I hope you were able to see or hear Jurie’s sermon Sunday morning, and that it spoke to your heart. It certainly spoke to mine!
Although we’re in a series about Jonah, the primary scripture for this week’s sermon was John chapter 15. In that chapter, Jesus gives three parables about things that are lost:
The lost sheep wandered away, going from blade to blade of grass. The lost coin was lost because… well… its owner lost it. And the lost son, out of his rebelliousness and selfishness, chose to run away. But each of these stories ends with the lost thing being found.
Jurie talked about the “hierarchy of lostness” Jesus describes in this chapter. The lost sheep wasn’t very smart and just kinda wandered off, but it wasn’t a willful act of neglect or choice. The coin’s owner just didn’t pay attention. She probably should’ve been more careful, but we all understand that distractions come along and sometimes we don’t pay enough attention. But the Prodigal Son… he was just naughty. He made a willful, disobedient, ungrateful choice. Of course, the point at the end of these stories is that God can (and wants to) restore the lost sheep of the world, the lost coins, AND the Prodigal Sons.
As Jurie was speaking, though, my heart was convicted about the first two causes of lost-ness: circumstances and neglect.
It’s nearing the end of January, and most of us have thought through possible New Year’s resolutions and tossed them out already, either before we got started working on them, or shortly thereafter. Popular thinking says that it takes 21 days to form a habit, but that is old psychology. Really, habits are something cultivated daily, and if we lapse on a good, hard-won habit, we often have to fight our way back to making it a habit again.
In mid-November I went to the dentist. They said that I have a couple of “thinning spots” on my enamel, and that if I use fluoride mouthwash daily, they’ll stabilize (thus avoiding cavities & more dental work). I dutifully purchased said mouthwash and began rinsing with it every night. This time, I’ve stuck with it for two months… minus a day or two. This is the third or fourth time I’ve tried to cultivate the mouthwash habit. It took me about 7 different starts ’til the flossing habit finally stuck, but maybe the mouthwash habit will come about easier. Still, it takes a whole 60 seconds of swishing before bed every night! When I’m so tired. Maybe I can skip just this once… or twice… or…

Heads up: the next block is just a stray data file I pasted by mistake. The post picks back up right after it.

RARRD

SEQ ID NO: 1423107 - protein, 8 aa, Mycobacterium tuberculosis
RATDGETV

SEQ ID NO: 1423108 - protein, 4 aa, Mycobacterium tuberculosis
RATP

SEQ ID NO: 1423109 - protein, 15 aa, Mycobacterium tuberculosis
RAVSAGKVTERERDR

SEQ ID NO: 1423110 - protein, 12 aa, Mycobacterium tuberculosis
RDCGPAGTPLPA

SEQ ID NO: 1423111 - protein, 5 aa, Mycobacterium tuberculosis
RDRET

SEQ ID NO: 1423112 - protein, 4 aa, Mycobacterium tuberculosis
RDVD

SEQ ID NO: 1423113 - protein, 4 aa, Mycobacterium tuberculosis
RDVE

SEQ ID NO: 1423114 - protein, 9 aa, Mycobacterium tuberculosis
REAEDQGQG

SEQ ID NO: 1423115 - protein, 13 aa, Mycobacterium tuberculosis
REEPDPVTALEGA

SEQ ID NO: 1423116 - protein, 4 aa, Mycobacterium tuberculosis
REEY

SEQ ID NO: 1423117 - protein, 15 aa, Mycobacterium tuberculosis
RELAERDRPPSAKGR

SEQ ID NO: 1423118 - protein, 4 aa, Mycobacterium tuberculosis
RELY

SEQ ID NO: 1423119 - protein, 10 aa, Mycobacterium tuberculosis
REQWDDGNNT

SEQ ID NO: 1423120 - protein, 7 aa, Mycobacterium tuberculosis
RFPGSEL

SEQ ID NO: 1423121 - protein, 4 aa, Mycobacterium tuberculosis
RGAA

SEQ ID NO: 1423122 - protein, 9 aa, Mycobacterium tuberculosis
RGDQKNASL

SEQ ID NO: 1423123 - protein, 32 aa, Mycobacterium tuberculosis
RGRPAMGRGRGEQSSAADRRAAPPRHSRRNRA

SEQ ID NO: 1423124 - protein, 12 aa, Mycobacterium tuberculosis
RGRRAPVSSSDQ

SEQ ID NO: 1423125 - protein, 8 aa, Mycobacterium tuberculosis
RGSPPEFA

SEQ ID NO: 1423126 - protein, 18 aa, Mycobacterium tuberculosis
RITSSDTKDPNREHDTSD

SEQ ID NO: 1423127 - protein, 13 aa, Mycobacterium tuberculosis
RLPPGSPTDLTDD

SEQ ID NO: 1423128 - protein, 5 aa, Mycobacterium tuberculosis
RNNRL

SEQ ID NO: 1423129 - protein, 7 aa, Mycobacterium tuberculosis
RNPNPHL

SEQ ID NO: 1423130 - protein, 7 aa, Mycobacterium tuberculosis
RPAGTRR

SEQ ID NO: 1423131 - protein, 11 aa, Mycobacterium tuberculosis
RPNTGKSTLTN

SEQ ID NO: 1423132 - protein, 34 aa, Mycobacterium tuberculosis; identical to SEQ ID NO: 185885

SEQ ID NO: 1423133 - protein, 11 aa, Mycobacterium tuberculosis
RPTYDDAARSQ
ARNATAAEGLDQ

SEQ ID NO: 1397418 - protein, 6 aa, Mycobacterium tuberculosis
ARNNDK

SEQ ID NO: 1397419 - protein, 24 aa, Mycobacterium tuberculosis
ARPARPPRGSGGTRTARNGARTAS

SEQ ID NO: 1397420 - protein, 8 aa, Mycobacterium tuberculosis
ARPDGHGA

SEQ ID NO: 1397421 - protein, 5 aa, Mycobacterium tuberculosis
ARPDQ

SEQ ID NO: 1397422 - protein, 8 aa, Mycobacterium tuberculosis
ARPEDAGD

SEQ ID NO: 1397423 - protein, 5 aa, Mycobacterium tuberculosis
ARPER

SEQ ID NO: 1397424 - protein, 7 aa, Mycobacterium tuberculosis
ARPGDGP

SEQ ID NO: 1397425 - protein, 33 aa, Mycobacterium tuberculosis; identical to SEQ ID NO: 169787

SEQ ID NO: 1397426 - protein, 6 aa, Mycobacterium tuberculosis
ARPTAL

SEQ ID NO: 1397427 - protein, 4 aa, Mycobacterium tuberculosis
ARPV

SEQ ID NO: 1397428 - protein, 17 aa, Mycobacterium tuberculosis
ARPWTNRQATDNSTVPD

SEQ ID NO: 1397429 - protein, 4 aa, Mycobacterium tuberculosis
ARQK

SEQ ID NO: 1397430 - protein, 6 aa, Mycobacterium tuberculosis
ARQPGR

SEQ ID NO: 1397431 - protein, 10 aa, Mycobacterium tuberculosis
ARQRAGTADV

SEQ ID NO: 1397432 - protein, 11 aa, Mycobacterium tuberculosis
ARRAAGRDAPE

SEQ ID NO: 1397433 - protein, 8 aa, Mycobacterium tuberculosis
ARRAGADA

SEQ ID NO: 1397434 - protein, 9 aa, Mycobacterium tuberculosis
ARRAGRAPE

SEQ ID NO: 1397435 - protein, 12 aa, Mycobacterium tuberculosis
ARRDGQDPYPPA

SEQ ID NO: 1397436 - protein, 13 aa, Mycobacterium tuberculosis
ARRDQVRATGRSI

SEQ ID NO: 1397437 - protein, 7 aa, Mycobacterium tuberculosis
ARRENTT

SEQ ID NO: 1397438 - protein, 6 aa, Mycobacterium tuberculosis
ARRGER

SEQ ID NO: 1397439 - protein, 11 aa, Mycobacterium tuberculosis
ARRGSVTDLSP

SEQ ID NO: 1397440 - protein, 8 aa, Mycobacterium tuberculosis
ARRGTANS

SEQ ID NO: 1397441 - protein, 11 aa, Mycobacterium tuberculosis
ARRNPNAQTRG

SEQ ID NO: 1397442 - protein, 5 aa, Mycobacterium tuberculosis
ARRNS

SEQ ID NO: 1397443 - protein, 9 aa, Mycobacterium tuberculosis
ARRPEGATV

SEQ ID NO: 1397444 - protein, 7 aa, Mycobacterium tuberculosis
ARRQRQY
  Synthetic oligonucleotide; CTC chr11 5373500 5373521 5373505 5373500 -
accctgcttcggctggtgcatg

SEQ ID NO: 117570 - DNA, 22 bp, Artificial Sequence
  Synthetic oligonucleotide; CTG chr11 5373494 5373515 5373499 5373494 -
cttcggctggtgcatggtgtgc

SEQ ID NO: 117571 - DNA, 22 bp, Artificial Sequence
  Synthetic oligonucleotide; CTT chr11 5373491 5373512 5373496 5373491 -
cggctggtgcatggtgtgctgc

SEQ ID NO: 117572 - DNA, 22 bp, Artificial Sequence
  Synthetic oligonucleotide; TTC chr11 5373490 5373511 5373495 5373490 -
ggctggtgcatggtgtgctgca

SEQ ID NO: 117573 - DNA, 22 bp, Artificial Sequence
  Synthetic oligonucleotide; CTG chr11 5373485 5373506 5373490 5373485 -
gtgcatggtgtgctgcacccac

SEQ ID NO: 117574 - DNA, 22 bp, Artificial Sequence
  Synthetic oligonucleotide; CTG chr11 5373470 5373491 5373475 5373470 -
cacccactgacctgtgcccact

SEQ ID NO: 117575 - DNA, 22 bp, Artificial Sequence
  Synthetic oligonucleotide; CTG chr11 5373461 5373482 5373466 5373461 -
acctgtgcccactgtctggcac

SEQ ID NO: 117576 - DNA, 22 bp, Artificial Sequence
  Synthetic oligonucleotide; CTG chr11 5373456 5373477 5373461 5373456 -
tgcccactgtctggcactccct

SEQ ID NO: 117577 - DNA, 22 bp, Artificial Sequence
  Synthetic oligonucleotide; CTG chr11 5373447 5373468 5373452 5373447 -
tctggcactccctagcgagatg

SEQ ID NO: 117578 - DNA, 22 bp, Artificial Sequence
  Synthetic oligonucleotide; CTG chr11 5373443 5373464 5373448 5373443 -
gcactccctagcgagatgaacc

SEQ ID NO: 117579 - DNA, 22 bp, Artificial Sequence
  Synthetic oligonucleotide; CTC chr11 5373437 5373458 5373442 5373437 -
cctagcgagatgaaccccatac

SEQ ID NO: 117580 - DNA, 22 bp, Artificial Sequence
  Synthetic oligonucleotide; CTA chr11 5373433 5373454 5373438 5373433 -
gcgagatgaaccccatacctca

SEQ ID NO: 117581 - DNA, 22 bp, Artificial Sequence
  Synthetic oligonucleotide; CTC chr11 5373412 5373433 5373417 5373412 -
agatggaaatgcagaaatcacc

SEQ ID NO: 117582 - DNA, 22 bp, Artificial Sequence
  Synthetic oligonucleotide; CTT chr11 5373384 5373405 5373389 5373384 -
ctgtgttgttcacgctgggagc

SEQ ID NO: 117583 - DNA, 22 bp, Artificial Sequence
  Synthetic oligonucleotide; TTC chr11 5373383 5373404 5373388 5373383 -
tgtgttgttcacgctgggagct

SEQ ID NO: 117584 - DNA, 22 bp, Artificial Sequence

I’m the sort of person who will cultivate a habit religiously for two or four or six months, and then I decide I deserve a little break, and next thing I know I don’t even remember why I started the habit in the first place. Or I remember how hard it was to discipline myself into the habit and just don’t think I have the willpower to start up again.
Getting lost or staying lost, in the John 15 sense, can be almost like forming a habit. For that matter, so can getting or staying found. Here’s how it works. First, I’m a lost soul who doesn’t know Jesus. Then, I meet Him and fall in love and devote my life to Him. I re-order my identity toward “child of God,” instead of “daughter of my parents,” or “employee of Organization X,” or “mom,” or “chemist.” I live in that identity and thrive there for some time until the newness of it wears off. Then, life circumstances draw me away from my new identity, and I find myself wound up in the worries of day-to-day life. I begin losing the thought-patterns that align me with God’s will for my life because… well… life got hard for a while. Even when the circumstances get better and life gets easier, it’s possible that I won’t begin pursuing my relationship with the Lord the way I had before things got hard. Why?
For me, the “circumstances” issue isn’t even as great as the “neglect” issue. I literally get in patterns of, “aww, maybe tomorrow” until the still, small voice calling me to lean into my relationship with Jesus becomes almost inaudibly faint.
When Jurie was describing the “hierarchy of lost-ness,” I was convicted to examine my own mindset, and I realized that I rarely sit in the “circumstances” or “neglect” area very long. What happens to me is that I may have a day when circumstances draw me away from the things I do to draw near to the Lord, and then the next day I think, “Meh, that wasn’t so bad, and I do still have a lot to do to recover,” and then the next day, I just make the choice to continue wandering. When Jesus comes to pursue me in “lost sheep mode,” sometimes I even find myself ducking and weaving to keep Him from catching up with me. I have to laugh… consider the little lost lamb who is literally inches from a wolf’s maw, ducking and weaving away from the shepherd, as though the shepherd were the threat! Sheep can be really dumb.
Now don’t get me wrong… I’m not saying that if you don’t check all the boxes every day, you’re about to get eaten. All relationships ebb and flow, as do our schedules. It’s not like missing a day of your morning quiet time, or prayer at mealtime, or whatever boxes you like to check, is going to ruin all your good habits. For that matter, I think part of the problem is that we think of Spiritual Disciplines as boxes to check. I’m just raising a flag to say, “Hey you! Have you reached out to Jesus today? How’s that relationship going? Is it your turn to call Him up or schedule a coffee date? Don’t let Him get too ‘out of sight, out of mind,’ OK? It’s too easy for us to do in our human relationships; don’t let it happen to the most important relationship you have!”
Also, call your mom.
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